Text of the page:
Pilot Oyster Retrofit Installed in the Choptank River

The lessons we learned

An Oyster Retrofit is a novel approach to green-gray infrastructure and adapt to sea level rise. This concept was developed by scientists at the University of Maryland Center for Environmental Science’s Horn Point Laboratory and the National Wildlife Federation.

An Oyster Retrofit uses oyster castles, concrete building blocks that create oyster habitat, to add height and habitat to existing breakwaters (rock structures set in the water off a shoreline to reduce wave energy and coastal erosion). Why would one need to add height to existing infrastructure? As sea level rises, marine infrastructure is becoming drowned.

In the Chesapeake Bay, we have already experienced 0.9’ of sea level rise and projections show we are expecting to see an additional 1’ of rising over the next 30 years. That is enough water to inundate a majority of the existing marine infrastructure in the Bay. We are working to create adaptive solutions to this problem.

The pilot study

With our partners, we installed the pilot Oyster Retrofit in the Choptank River. The aging breakwater infrastructure selected for this pilot study was a rock structure completely inundated at low tide. Analysis of the breakwater showed that in even low wind conditions, the structure was not effective at reducing wave energy and sometimes created a shoaling effect where wave energy was higher shoreward of the structure, the opposite of what a breakwater is intended to do.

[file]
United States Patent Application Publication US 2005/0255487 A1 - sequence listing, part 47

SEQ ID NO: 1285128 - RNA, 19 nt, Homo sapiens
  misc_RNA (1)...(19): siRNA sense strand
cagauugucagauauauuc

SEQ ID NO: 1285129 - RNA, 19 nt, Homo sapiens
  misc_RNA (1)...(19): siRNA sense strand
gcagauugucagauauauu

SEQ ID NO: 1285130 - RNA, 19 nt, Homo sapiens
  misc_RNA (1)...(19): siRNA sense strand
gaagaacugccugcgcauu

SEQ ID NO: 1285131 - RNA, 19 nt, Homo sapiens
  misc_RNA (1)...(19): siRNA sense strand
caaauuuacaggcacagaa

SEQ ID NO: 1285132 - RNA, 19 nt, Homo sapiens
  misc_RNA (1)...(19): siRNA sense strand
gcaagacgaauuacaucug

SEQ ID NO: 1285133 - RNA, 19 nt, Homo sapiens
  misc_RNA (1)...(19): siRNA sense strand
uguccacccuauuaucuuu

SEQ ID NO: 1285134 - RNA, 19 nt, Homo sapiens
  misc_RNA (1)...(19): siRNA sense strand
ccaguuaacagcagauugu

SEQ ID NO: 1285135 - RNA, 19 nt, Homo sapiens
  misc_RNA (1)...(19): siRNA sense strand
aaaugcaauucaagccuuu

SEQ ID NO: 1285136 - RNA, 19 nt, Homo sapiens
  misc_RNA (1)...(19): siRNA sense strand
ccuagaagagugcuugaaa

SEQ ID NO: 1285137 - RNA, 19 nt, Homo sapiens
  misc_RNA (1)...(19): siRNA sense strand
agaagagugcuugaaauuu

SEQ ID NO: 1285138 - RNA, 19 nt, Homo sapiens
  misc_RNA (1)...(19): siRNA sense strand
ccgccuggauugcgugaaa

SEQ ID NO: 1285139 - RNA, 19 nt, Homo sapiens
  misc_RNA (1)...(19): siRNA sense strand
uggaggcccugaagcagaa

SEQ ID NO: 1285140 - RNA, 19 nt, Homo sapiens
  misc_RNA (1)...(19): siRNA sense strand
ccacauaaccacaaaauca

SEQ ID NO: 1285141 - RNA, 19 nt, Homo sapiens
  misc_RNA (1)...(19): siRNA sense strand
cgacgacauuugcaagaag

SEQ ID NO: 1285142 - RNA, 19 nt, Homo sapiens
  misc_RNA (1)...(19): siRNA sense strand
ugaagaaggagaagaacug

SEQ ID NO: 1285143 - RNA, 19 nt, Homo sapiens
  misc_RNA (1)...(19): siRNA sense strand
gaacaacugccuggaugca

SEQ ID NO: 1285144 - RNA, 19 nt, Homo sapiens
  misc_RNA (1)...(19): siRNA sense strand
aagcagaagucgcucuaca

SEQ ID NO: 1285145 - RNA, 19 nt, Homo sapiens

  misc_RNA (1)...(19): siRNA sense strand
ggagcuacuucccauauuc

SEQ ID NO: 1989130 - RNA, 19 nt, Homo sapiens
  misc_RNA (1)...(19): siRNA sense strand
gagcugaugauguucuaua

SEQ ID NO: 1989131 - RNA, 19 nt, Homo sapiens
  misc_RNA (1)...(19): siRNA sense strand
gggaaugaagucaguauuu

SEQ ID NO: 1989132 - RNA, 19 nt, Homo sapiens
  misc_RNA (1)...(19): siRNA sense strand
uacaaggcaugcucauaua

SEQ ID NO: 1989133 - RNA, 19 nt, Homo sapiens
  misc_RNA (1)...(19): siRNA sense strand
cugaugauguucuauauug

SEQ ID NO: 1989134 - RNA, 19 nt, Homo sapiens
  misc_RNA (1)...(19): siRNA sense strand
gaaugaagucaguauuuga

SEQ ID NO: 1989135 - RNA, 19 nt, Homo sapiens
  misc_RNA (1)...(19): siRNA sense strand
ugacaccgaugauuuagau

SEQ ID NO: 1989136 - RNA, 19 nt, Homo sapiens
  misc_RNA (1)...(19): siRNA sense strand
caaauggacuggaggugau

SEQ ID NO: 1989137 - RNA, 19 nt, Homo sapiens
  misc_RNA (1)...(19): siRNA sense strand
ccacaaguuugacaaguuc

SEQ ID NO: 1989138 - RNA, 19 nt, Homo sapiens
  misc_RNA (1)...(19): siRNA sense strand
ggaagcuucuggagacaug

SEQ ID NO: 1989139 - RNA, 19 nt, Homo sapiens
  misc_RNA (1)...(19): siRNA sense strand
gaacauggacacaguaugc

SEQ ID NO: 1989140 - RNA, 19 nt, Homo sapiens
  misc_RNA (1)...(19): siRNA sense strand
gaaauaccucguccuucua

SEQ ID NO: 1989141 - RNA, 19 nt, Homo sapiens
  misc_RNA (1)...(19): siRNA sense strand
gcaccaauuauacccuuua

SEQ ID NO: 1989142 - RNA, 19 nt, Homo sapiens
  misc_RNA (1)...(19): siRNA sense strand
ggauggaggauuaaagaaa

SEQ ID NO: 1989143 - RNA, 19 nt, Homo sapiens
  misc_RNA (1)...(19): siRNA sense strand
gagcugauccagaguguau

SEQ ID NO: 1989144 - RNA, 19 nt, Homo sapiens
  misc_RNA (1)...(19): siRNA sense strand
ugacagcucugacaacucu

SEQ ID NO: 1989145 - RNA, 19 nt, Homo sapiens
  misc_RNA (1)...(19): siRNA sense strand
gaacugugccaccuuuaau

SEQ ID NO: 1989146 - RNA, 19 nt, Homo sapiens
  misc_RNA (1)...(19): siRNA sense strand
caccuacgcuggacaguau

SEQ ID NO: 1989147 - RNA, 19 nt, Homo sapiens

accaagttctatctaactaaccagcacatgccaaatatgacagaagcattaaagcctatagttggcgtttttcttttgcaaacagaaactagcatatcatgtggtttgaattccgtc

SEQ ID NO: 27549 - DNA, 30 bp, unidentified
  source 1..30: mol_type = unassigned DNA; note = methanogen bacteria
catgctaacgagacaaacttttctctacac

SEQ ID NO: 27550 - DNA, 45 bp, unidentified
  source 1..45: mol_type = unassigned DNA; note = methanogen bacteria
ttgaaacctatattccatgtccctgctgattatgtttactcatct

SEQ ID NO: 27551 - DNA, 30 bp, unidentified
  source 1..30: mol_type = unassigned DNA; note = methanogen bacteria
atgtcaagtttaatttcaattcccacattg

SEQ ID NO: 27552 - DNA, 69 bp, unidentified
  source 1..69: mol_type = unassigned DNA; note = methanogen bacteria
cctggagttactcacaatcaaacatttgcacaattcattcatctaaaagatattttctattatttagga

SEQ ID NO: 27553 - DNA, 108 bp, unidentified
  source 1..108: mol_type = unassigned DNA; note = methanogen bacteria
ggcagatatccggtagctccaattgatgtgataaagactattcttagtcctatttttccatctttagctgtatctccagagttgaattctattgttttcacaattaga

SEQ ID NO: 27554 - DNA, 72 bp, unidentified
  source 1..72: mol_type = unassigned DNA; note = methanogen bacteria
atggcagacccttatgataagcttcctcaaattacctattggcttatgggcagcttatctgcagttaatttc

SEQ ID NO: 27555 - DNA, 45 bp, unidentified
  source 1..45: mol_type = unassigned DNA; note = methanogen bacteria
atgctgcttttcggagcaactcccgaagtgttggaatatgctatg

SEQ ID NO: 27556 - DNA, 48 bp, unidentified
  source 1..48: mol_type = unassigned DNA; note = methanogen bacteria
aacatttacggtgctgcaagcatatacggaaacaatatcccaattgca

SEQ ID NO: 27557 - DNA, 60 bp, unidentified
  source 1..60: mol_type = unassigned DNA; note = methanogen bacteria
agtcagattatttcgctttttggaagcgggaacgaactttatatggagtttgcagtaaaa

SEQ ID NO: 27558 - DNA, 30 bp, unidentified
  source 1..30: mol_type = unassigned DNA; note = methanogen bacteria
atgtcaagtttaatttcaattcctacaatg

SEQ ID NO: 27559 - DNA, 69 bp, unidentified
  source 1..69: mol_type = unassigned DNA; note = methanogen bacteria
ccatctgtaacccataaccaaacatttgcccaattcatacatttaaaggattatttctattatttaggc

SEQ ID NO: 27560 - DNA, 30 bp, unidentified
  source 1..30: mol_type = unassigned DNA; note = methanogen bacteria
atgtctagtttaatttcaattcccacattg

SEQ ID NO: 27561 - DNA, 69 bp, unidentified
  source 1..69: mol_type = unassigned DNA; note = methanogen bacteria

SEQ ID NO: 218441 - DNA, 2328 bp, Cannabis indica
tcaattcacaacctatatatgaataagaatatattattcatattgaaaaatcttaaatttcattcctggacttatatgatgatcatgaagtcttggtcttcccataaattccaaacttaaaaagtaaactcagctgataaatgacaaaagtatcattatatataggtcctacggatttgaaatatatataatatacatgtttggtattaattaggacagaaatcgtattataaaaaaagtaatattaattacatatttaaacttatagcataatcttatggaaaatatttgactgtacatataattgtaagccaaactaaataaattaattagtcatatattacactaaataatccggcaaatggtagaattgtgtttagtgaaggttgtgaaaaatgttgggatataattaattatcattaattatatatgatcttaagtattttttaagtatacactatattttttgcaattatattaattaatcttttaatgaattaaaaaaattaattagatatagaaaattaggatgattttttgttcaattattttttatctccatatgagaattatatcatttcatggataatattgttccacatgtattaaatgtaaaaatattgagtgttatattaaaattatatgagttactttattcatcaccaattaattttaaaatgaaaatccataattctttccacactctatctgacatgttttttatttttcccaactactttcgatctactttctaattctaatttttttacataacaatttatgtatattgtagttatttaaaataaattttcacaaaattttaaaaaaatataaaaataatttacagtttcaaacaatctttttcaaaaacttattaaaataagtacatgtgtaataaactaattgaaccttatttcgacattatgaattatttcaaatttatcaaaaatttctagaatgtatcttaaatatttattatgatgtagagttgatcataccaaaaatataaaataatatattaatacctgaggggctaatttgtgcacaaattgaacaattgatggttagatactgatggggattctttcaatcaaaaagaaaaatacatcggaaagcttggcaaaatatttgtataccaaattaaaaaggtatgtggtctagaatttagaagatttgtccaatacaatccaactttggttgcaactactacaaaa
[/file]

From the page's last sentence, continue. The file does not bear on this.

oyster retrofit project
Dr. Matt Gray from Horn Point Laboratory building the oyster retrofit. Credit: Amanda Poskaitis/NWF

The Oyster Retrofit installation was successful and we learned a lot along the way. First, we pre-seeded the castles with baby oysters prior to the installation. Seeding oyster castles in oyster setting tanks is labor- and time-intensive and although this was successful, this would not be practical in many situations. Developing a way to seed oyster castles in the water where they are installed would be ideal, and scientists at Horn Point Laboratory have been testing this. Installing an oyster retrofit in an area with natural spat set (baby oysters settling on the structures) would work well.

Second, we learned that oyster castles need to be placed on a flat surface in order to interlock correctly, so priming the existing rock structures or designing the retrofit with this in mind is essential. We used small stone to fill in spaces in the existing structure, which made this project a success.

The third lesson is the value of using a floating barge to get the oyster castles out to the site. This was an efficient way to install the project. Our last major lesson was to not pre-seed the oyster castles too early since the oysters may grow large enough to make it difficult to stack the castles. With all of these lessons learned, future oyster retrofits will be more efficient and effective.

A natural solution

Using oyster castles to protect shorelines is an excellent way to create wildlife habitat and bolster existing infrastructure. Whether the oyster castles are stacked on the river bottom itself to act as more natural breakwaters, or whether they are used to retrofit existing breakwaters, these structures can create an oyster reef-like habitat that is far more beneficial than a traditional stone breakwater.

The National Wildlife Federation is honored to work with scientists and communities to develop innovative solutions to protect people and wildlife from the negative effects of climate change. We will continue to study the Oyster Retrofit during large storms to evaluate its effectiveness and will share lessons learned with adaptation and restoration practitioners widely.